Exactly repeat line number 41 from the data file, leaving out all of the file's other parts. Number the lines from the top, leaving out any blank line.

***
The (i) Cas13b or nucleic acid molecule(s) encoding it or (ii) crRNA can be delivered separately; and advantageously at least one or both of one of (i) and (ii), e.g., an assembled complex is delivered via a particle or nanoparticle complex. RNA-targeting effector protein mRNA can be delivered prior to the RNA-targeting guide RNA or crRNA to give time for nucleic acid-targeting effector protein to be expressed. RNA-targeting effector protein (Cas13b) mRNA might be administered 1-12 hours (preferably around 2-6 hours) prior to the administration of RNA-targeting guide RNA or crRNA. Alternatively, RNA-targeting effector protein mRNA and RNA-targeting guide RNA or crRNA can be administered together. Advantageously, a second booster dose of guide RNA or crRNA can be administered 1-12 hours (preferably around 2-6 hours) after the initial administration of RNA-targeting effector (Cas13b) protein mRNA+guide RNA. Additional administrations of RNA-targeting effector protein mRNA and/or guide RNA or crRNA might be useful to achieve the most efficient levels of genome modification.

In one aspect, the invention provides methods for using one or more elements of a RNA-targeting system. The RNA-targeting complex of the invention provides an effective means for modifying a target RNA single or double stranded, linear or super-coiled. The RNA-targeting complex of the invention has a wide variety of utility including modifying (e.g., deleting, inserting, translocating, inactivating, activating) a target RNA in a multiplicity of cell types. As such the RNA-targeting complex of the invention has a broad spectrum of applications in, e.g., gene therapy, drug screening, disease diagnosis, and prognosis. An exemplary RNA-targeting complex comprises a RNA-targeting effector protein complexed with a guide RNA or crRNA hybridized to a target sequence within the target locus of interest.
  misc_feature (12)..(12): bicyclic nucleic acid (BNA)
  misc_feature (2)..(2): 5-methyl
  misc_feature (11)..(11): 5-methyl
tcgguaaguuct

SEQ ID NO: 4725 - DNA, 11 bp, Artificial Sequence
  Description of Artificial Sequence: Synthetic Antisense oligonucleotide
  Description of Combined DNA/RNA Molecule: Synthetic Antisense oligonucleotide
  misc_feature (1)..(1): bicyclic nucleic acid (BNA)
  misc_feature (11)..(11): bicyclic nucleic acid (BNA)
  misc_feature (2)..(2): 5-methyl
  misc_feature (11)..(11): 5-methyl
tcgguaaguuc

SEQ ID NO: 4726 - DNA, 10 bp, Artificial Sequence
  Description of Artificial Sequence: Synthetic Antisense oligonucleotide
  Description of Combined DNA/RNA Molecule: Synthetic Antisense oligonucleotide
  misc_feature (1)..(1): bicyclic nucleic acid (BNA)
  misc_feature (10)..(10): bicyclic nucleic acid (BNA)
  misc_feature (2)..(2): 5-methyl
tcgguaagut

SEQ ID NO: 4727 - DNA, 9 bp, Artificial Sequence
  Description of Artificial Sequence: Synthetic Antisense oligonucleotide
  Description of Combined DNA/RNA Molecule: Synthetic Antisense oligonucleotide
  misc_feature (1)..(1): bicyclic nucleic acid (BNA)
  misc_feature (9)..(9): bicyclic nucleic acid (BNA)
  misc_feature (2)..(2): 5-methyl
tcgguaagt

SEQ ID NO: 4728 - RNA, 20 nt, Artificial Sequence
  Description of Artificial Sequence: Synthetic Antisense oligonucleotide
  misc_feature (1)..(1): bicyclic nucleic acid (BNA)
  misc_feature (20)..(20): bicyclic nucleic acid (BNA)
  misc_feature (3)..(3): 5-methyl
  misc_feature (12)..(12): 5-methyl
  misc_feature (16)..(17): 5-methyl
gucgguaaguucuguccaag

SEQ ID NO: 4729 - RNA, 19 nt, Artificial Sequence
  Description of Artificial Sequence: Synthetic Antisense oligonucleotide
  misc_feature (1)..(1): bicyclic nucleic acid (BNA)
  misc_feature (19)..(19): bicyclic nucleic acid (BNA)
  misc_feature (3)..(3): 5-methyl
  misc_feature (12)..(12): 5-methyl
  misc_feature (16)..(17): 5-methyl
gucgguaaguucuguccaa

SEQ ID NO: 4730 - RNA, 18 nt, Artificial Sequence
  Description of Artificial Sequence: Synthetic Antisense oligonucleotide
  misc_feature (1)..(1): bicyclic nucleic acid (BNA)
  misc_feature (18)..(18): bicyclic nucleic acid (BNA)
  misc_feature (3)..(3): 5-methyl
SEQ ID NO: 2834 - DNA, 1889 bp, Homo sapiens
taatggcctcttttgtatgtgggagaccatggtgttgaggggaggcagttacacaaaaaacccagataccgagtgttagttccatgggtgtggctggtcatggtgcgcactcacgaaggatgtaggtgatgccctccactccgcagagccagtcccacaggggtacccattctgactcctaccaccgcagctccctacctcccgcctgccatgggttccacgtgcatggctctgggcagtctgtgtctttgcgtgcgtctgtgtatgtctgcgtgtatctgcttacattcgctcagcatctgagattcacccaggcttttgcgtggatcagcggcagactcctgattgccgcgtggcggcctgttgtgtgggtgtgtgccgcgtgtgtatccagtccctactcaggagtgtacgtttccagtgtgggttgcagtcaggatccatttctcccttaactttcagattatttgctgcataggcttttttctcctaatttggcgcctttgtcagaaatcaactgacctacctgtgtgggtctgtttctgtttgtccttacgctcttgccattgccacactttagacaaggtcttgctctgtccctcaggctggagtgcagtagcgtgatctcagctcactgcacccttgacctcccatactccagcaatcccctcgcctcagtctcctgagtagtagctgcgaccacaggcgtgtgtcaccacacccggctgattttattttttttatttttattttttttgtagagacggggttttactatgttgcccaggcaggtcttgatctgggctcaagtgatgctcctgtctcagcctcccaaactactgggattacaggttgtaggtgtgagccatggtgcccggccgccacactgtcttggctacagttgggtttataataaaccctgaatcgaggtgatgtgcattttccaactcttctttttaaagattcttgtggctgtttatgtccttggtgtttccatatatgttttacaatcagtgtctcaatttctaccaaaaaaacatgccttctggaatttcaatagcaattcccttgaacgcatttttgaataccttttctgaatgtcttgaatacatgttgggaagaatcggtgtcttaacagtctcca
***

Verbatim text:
  misc_feature (3)..(3): 5-methyl